How To Clean Telescope Eyepieces

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How To Clean Telescope Eyepieces

If you are an owner of one of the best telescopes on the market, you may have a question or two about how to clean telescope eyepieces.

Your telescope eyepieces are the first thing you will see through your telescope. These little gadgets are used to magnify the image formed by the large objective lens, and thus allow you to see details in the sky that you would otherwise not be able to see.

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However, with time, the dust gets deposited onto these tiny components, and this can affect the quality of your images. This is where you need to take care of your eyepieces. Yet, it can be a bit tricky to do so - like cleaning the telescope lens or a Barlow lens.

In this article, we will discuss how to clean telescope eyepieces. Let's get started!

How To Clean Telescope Eyepieces

Cleaning your telescope eyepieces is not a simple task. However, with the right tools, our guidance and little patience, you can clean your eyepieces with ease. Undeniably, cleaning your eyepieces is a good practice to keep your telescope in good shape.

To get the job done, you need to gather the right tools including a rocket blower, lens cleaning solution (isopropyl alcohol), a microfiber cloth, and cotton swabs. A professional lens cleaning kit like this one from CamKix comes with all the necessary tools to clean your telescope eyepieces as well as telescope lenses.

Assuming that you have the right tools, here are the steps to clean your telescope eyepieces.

Set up your workspace

The first step is to set up your workspace. It is important to have a clean, dust-free environment with good lighting where you can work on your eyepieces.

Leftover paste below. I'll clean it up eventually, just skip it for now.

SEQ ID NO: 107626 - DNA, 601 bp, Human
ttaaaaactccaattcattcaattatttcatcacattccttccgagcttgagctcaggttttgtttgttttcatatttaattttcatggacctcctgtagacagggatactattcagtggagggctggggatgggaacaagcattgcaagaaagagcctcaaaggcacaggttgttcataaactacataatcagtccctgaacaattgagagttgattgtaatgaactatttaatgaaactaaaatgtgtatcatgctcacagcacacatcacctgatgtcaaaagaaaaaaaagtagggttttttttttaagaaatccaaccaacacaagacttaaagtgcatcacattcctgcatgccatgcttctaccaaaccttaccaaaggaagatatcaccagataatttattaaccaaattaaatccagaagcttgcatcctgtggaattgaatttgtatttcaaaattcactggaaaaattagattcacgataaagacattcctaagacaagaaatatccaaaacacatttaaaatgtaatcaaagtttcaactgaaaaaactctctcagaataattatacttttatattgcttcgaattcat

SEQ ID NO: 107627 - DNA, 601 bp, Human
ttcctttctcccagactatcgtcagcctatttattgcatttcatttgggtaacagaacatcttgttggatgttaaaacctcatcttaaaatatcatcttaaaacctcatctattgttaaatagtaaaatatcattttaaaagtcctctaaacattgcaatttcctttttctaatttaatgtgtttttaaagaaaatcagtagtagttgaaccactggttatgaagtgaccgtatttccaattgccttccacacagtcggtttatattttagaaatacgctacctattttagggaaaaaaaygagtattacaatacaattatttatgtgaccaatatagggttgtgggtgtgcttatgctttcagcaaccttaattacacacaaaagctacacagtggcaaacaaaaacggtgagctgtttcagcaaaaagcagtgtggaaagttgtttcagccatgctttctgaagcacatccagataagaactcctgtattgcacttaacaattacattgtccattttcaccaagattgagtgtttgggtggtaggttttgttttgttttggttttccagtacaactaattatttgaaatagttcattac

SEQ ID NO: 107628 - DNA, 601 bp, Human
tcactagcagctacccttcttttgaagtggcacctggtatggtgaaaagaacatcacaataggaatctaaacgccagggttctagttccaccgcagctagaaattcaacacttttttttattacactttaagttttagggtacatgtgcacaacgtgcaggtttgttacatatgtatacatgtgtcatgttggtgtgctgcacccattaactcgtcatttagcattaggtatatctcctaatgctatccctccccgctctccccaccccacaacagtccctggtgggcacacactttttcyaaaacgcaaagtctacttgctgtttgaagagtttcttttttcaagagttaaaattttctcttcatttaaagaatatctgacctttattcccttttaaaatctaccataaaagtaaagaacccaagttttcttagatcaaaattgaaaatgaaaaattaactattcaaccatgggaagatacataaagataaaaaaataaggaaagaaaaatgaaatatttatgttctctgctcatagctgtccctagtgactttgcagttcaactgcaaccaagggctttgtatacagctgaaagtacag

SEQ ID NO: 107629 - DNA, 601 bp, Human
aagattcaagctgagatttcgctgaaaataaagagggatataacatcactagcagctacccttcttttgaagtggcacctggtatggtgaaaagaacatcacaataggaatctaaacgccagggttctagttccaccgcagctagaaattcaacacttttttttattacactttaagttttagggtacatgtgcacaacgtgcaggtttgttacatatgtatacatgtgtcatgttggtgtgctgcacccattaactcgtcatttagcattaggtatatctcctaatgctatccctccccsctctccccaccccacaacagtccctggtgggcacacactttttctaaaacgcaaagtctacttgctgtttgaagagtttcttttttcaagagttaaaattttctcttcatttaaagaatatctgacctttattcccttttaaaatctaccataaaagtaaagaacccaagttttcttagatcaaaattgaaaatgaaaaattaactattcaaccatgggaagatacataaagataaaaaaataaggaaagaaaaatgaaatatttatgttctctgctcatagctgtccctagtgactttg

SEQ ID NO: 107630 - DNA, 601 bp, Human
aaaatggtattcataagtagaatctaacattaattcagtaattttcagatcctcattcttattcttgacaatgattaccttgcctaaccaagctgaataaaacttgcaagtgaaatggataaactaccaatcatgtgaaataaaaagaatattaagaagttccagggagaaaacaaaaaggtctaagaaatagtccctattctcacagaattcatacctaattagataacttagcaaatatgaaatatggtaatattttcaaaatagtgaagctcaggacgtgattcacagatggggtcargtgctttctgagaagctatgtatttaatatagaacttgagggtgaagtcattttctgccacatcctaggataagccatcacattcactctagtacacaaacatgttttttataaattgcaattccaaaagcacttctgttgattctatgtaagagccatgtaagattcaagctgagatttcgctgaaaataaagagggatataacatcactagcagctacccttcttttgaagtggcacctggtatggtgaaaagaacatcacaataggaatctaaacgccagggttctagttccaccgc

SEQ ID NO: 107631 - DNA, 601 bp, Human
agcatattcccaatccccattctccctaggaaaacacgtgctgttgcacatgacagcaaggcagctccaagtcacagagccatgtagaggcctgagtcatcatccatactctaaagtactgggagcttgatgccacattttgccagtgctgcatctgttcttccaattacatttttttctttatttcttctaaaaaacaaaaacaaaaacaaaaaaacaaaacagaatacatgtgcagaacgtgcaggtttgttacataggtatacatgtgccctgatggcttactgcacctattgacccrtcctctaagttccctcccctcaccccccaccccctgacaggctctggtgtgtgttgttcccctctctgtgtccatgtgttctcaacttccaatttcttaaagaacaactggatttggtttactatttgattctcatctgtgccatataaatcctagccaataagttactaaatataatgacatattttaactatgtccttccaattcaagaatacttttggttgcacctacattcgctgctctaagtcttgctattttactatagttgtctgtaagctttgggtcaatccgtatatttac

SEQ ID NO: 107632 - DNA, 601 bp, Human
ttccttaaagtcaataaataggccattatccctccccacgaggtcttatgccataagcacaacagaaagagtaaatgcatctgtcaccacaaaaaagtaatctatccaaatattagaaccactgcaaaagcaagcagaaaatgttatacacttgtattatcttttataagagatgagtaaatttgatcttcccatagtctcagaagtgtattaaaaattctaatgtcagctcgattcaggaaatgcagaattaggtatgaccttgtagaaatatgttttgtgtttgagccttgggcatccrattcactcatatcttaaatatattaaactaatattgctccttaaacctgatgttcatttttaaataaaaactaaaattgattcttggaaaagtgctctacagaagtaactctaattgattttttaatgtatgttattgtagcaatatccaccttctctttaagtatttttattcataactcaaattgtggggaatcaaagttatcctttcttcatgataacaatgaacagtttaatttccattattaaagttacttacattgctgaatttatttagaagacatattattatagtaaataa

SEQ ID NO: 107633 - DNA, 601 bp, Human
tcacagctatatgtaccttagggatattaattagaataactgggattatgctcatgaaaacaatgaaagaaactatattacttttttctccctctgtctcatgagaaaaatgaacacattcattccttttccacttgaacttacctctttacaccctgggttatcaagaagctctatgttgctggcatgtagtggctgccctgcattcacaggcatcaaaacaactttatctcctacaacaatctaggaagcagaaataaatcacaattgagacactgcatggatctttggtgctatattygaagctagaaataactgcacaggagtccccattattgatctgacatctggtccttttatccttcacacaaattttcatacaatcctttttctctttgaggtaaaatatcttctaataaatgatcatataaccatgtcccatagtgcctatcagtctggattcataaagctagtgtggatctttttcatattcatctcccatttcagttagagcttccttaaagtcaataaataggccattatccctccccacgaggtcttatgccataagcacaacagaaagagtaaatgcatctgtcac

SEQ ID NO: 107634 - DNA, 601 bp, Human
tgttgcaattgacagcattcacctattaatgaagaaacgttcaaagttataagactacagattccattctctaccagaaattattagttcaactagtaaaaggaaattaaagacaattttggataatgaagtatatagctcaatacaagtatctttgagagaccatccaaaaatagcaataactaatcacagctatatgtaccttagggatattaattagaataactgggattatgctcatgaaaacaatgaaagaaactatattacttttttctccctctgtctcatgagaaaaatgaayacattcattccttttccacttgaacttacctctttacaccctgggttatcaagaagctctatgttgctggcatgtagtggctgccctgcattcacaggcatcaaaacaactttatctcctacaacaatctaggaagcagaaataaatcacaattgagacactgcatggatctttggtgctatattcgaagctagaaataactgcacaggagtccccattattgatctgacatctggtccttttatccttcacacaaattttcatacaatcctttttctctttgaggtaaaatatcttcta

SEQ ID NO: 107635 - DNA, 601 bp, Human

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You will also need a strong light, such as a flashlight, that you can direct at a grazing angle against the eyepiece surface. This will reveal grit particles on the lens.

Blow the dust off your eyepiece

Once you are all set, start by blowing off any dust visible on the surface of the eyepieces. You can use the rocket blower for this purpose. It is not recommended to blow with your mouth or use a can of compressed air.

Fire up the rocket blower, aim the nozzle at the eyepiece, and blowhard. Repeat the process from different angles until all the dust is blown off. After that, examine your eyepiece carefully under a strong light to make sure there is no dust or any other foreign matter on the surface.

Clean the surface

Now, it's time to remove the persistent dust particles from the surface of the eyepiece. To do that, lightly moisten a cotton swab with the cleaning solution. Don’t overdo this; You want it damp, but not dripping wet.

With the damp cotton swab, begin at the centre of the lens and wipe outward very gently, in a circular motion, cleaning all the way around the lens. Don't forget to replace the cotton swab frequently as you clean the lens.

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Dry the eyepiece

Once your eyepiece is squeaky clean, you can dry it with a clean, soft microfiber cloth. With your index finger in the cloth, wipe the lens in a circular motion, exactly like you did in the previous step.

Lastly, you can use the blower to blow off any lint fibres from the swabs that remain on the lens. Let the eyepiece air dry for at least an hour before you put it back on your telescope or storage case.

Tips To Maintain Your Telescope Eyepieces

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Now that you know how to clean your telescope eyepieces, it is time to learn how to maintain them. To keep your telescope eyepieces in good condition, you need to follow the tips below.

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  • Clean it only when needed. Frequent cleaning may damage the lenses.
  • Store your eyepieces in a dry, dust-free place when not in use. It's wise to purchase a carrying case for your eyepieces and filter.
  • Do not use any kind of abrasive cleaning agents. Invest in a professional lens cleaning kit for better results.
  • Never pour the cleaning solution directly onto the lens – use a cotton swab or microfiber cloth.
  • Avoid touching the surface of the lens with your fingers to prevent adding oils and dirt.

Hope it helps! Henceforth, enjoy your telescope.